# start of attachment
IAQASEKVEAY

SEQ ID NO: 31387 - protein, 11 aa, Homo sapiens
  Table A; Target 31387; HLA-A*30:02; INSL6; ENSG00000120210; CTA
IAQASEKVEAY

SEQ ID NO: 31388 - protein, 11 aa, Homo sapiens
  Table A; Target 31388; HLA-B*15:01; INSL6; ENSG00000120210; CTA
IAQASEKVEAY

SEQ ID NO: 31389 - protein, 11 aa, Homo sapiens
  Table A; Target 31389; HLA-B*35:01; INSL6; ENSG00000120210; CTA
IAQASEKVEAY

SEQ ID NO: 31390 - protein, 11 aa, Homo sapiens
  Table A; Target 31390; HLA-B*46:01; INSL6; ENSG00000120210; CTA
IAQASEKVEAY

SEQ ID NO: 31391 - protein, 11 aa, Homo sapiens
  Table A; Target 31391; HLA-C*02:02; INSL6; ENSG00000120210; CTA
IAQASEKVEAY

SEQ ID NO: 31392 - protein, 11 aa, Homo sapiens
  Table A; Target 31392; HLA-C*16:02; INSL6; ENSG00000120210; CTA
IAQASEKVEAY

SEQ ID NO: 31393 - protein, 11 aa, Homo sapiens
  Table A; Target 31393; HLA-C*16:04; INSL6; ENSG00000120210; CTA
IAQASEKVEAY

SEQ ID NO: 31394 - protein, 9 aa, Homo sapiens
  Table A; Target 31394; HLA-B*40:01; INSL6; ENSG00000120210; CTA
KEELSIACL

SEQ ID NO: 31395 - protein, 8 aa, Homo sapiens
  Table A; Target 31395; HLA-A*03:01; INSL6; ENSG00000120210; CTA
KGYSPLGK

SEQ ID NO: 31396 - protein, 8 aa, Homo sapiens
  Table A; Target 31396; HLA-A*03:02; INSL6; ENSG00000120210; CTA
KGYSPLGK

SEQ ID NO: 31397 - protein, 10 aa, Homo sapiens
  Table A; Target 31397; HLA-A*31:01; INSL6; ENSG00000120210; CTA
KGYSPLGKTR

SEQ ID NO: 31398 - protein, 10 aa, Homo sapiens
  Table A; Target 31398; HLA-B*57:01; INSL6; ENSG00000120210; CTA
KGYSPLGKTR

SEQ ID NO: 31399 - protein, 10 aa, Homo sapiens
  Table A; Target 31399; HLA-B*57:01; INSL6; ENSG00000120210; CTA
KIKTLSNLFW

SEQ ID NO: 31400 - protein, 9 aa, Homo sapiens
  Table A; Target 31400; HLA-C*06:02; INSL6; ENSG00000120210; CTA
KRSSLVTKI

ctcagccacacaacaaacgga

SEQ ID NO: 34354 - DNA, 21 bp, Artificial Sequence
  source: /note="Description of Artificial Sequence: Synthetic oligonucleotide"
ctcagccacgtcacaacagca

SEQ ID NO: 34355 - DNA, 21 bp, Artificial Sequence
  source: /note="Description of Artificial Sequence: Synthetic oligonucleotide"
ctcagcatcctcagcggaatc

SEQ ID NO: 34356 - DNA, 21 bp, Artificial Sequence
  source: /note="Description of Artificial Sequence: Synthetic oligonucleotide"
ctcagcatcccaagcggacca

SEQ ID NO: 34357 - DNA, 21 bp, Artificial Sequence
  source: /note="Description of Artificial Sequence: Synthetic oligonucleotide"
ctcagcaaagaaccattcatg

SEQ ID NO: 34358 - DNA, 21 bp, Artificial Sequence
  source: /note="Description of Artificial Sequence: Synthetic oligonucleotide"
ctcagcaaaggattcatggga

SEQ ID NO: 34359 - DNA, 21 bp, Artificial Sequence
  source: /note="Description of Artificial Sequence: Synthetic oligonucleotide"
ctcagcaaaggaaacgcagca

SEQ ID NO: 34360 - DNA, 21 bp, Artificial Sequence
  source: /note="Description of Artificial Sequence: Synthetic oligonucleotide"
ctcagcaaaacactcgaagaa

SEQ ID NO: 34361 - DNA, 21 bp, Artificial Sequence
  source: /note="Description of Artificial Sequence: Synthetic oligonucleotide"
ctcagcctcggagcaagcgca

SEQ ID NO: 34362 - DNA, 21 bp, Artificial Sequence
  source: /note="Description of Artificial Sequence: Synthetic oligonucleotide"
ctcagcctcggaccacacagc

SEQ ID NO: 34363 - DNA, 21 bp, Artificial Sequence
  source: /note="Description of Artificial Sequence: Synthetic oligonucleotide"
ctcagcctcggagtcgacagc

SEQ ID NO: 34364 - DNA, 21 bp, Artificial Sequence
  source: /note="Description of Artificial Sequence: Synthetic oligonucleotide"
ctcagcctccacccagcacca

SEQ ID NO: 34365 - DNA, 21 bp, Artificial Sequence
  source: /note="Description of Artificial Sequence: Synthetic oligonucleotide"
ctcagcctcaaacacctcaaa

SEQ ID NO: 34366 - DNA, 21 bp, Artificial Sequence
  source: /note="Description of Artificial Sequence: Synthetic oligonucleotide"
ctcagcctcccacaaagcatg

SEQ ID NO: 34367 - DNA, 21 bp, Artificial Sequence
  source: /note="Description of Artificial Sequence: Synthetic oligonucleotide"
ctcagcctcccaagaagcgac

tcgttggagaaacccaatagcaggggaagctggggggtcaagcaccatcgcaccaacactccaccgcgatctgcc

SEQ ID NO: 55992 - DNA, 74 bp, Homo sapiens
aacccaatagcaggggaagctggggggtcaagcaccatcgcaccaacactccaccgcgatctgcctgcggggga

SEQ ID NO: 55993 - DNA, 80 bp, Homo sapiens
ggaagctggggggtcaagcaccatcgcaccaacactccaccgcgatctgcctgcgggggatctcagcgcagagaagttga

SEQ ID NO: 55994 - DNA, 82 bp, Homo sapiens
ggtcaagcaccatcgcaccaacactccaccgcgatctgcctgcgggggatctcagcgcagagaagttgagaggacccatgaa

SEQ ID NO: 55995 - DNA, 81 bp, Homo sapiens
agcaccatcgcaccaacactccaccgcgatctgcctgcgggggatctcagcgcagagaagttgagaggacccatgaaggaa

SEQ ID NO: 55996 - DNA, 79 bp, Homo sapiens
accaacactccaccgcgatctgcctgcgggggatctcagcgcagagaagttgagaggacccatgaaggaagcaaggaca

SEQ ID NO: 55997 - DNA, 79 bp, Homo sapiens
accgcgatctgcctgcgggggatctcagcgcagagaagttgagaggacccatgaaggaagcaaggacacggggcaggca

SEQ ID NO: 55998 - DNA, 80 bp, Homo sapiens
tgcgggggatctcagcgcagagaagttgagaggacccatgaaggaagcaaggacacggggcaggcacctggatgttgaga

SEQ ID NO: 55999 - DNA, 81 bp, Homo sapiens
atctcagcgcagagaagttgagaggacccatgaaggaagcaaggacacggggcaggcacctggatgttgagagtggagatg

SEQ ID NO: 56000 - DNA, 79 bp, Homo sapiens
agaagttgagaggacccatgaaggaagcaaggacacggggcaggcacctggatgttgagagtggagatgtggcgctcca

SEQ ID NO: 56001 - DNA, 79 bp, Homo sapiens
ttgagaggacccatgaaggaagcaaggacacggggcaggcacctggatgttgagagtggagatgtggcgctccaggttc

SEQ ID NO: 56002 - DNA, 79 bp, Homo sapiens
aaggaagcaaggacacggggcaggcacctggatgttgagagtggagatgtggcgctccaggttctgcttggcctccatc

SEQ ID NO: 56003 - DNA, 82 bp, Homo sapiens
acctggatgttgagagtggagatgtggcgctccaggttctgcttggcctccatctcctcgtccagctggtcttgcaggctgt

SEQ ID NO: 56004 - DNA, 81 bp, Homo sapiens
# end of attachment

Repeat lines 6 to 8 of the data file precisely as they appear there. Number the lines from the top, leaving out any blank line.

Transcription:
  Table A; Target 31388; HLA-B*15:01; INSL6; ENSG00000120210; CTA
IAQASEKVEAY

SEQ ID NO: 31389 - protein, 11 aa, Homo sapiens